The Virginia Department of Corrections (DOC) Director Harold Clarke has led the DOC though a forward-thinking policy change that should begin a statewide conversation and passage of legislation before the Virginia General Assembly.
House Bill 1488, a bill that would have limited the use of restraints on pregnant inmates, failed in the House Militia, Police, and Public Safety Committee in the 2011 legislative session. However, Director Clarke and staff at the DOC took seriously the conversations sparked by the Committee debate over the bill. Supporters of the bill, which was introduced by Delegate Hope, put pressure on the DOC to change their policies in the absence of legislative action.
As a result, the DOC will now adopt regulations that protect a pregnant inmate’s dignity and health, and the health and safety of her pregnancy. DOC regulations will now state that pregnant inmates will only be retrained during transport outside the prison perimeter by handcuffs alone. Ankle restraints or restraints that in any other way restrict the woman’s movement will not be used during transportation outside the prison, or during labor, delivery and post-partum recovery. Additional restraints can be applied if a determination is made that the inmate is a danger to herself or others, but should additional restraints be used, they must allow for the woman to walk around, stand up, and turn over. If additional restraints are applied, an incident report must be submitted that states the restraints used and the reason why in order to ensure compliance and accountability. Finally, all restraints must be immediately removed if medical staff so direct.
The new DOC regulations are sound public health policy. Restraining a pregnant woman can pose undue health risks to the woman and her pregnancy. Unrestrained movement is especially critical during labor, delivery, and the postpartum recovery. Women often need to move around during labor and recovery, including moving their legs as part of the birthing process, and restraining a pregnant woman can interfere with the medical staff’s ability to appropriately assist in childbirth. Prisoners and detainees who are restrained face an increased potential for physical harm from an accidental trip or fall, which can be harmful to the health of the woman and her pregnancy.
Roe has collapsed in Texas, and that's just the beginning.
Stay up to date with The Fallout, a newsletter from our expert journalists.
The vast majority of female prisoners in Virginia are non-violent offenders who pose a low security risk, particularly during labor and postpartum recovery. There are no documented instances of women in labor or during delivery escaping or causing harm to themselves, security guards or medical staff.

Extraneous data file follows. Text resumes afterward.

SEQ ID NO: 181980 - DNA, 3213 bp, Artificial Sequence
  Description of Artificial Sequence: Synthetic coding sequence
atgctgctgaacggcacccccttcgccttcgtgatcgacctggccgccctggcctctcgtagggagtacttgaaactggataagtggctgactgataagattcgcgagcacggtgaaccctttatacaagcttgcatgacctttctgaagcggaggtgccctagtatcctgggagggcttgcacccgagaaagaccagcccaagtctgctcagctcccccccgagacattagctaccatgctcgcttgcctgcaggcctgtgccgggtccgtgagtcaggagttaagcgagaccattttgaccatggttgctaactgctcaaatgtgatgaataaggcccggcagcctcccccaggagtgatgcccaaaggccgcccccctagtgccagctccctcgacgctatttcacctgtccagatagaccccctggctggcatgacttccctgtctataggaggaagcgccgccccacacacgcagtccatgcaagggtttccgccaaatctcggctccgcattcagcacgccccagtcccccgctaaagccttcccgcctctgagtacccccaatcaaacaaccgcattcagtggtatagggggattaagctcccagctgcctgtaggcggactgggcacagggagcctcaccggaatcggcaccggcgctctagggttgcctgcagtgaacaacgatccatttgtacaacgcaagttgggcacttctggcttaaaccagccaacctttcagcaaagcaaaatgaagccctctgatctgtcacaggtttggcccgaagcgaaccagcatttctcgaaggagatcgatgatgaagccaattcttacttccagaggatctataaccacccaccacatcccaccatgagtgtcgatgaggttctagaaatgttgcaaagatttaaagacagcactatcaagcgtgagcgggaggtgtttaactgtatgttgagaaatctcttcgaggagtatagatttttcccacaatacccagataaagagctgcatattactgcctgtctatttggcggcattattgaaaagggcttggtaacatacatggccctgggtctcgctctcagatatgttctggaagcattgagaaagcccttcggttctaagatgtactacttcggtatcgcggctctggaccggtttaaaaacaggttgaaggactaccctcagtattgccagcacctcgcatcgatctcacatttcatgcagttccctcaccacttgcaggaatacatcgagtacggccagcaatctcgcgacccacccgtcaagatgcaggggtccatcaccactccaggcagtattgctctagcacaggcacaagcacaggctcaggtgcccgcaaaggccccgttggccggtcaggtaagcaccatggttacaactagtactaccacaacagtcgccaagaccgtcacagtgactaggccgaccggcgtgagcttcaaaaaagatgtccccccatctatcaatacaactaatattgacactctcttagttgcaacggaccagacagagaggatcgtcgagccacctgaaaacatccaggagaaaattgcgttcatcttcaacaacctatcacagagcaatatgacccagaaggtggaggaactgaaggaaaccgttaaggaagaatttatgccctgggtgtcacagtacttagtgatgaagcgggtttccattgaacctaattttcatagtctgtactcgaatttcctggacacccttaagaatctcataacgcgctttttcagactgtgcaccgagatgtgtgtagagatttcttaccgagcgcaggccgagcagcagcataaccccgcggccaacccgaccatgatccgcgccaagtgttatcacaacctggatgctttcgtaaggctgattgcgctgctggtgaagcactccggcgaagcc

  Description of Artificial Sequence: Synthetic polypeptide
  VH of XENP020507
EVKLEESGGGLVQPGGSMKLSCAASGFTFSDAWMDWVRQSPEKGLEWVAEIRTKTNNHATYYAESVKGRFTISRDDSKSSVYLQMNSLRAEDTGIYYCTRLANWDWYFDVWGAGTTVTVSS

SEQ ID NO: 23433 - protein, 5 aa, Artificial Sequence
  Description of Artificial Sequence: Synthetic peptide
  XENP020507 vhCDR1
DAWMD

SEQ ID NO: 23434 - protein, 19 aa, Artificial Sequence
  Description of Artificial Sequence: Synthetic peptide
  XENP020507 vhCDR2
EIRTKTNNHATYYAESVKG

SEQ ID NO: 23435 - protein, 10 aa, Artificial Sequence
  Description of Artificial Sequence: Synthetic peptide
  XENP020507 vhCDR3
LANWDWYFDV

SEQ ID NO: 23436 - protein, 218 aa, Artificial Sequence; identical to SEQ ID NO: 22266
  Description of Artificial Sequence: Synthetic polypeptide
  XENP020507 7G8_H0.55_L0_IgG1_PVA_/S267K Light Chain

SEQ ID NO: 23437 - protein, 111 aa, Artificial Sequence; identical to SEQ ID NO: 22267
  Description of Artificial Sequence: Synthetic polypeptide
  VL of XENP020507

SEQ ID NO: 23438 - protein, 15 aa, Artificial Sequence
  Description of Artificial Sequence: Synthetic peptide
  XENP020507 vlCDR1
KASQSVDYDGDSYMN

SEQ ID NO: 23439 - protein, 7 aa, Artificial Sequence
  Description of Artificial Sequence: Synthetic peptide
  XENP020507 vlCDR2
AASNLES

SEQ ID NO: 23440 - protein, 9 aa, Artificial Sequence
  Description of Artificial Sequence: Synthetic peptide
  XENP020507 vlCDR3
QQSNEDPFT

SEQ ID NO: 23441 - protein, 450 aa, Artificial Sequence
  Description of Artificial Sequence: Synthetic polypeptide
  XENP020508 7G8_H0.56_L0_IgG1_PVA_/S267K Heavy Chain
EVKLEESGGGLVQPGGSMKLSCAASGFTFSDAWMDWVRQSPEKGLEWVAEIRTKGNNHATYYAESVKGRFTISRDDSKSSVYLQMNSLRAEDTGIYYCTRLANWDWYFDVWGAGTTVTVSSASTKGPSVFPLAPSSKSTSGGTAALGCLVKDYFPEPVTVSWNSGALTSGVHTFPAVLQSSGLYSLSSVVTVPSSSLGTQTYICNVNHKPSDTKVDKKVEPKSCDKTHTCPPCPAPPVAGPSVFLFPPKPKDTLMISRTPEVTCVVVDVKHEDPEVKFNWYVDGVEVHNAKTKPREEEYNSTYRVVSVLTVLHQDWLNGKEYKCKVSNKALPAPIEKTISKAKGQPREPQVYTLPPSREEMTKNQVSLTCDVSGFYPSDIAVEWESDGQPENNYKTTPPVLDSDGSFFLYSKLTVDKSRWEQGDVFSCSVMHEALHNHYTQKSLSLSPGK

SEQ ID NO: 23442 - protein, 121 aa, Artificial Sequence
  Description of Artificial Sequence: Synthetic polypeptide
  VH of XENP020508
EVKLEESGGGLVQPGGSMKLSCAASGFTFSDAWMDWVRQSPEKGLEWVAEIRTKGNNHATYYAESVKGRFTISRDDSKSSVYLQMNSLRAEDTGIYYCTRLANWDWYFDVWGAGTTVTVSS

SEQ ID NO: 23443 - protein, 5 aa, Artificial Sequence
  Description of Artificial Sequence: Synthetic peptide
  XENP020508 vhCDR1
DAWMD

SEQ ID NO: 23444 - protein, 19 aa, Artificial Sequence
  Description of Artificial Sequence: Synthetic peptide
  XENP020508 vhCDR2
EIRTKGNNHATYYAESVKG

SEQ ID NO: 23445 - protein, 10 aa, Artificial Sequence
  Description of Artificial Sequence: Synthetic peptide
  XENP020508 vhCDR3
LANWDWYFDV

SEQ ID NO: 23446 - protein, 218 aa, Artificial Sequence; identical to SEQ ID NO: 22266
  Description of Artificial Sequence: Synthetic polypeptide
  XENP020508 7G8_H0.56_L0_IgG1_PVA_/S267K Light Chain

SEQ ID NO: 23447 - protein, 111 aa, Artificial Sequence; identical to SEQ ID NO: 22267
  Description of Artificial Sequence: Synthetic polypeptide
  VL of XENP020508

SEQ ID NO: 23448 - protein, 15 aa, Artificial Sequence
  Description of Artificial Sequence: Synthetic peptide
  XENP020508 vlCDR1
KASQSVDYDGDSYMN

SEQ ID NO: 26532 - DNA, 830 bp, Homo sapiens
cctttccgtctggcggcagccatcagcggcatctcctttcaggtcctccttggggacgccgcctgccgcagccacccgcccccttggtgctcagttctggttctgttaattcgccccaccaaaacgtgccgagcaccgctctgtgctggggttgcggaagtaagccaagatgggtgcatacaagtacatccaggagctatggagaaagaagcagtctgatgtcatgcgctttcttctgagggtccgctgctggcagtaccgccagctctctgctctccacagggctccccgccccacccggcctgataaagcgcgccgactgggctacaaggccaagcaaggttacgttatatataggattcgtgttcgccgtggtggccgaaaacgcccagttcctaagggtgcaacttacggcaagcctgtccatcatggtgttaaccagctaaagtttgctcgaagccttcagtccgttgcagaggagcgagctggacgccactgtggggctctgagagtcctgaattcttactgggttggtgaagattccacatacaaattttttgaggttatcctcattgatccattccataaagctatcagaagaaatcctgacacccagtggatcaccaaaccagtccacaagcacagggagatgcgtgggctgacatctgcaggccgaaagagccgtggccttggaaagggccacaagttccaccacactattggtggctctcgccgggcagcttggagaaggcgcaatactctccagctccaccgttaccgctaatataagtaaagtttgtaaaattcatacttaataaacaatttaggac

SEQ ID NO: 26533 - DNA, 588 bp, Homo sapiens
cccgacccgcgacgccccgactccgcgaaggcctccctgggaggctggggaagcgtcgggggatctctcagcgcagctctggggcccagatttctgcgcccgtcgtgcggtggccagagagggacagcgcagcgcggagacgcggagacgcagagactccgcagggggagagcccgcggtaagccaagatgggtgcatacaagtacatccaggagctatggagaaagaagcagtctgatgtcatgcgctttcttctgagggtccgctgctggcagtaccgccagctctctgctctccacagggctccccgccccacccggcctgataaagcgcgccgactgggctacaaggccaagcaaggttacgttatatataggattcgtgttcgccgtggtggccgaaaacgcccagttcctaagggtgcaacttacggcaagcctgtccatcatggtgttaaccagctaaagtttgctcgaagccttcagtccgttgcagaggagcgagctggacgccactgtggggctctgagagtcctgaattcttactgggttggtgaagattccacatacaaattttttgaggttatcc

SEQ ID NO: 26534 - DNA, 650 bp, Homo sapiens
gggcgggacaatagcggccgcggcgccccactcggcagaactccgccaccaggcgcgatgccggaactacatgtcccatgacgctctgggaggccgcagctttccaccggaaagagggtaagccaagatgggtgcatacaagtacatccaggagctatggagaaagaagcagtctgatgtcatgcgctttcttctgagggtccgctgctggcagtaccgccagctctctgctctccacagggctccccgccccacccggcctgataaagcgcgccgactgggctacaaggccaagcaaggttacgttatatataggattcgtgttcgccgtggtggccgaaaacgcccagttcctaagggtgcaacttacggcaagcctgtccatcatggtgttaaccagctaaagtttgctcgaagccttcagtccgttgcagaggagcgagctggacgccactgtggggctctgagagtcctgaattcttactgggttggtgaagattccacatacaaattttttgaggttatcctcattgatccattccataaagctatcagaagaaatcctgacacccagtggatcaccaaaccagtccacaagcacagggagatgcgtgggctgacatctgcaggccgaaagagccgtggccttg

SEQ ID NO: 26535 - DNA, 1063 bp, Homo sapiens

Fourteen states currently limit the use of restraints on pregnant inmates, and now Virginia is one of the few states with forward-thinking policies regarding the use of restraints on pregnant inmates.
However, local and regional jails in Virginia are not subject to the DOC regulations, so pregnant women at those facilities are still at risk. Consider the story of Tiarra Fain, a 22 year old political science major in college. While incarcerated at the Rappahannock Regional Jail in February of 2010, Tiarra was eight months pregnant with a high risk pregnancy. She was handcuffed and shackled at the legs during transport to a doctor’s appointment. Tiarra went in to labor on April 18, 2010, shackled by a chain around her waist with two hand cuffs for her wrists connected to the side of the waist chain. At the hospital, leather straps were used to chain Tiarra’s arms and one leg to the hospital bed. During delivery, the cord was wrapped around the baby’s neck almost necessitating an emergency c-section. After delivery, Tiarra spent two days in the hospital recovering. However, she was not allowed to get up and walk around, as the doctors had suggested to aid in her recovery. Tiarra was restrained for the entire two days of her recovery post-delivery. Her chains were not removed in order to facilitate breast feeding her baby.
I hope the General Assembly will follow the DOC’s example and develop legislation that will protect some of Virginia’s most vulnerable women from being unnecessarily shackled when they are pregnant. It is a practice that not only violates a woman’s dignity, but can detrimentally affect her health and the health of her pregnancy. Virginia is now presented with an opportunity to become a national leader in supporting pregnant women who are incarcerated. Legislation will demonstrate the state’s commitment to this goal.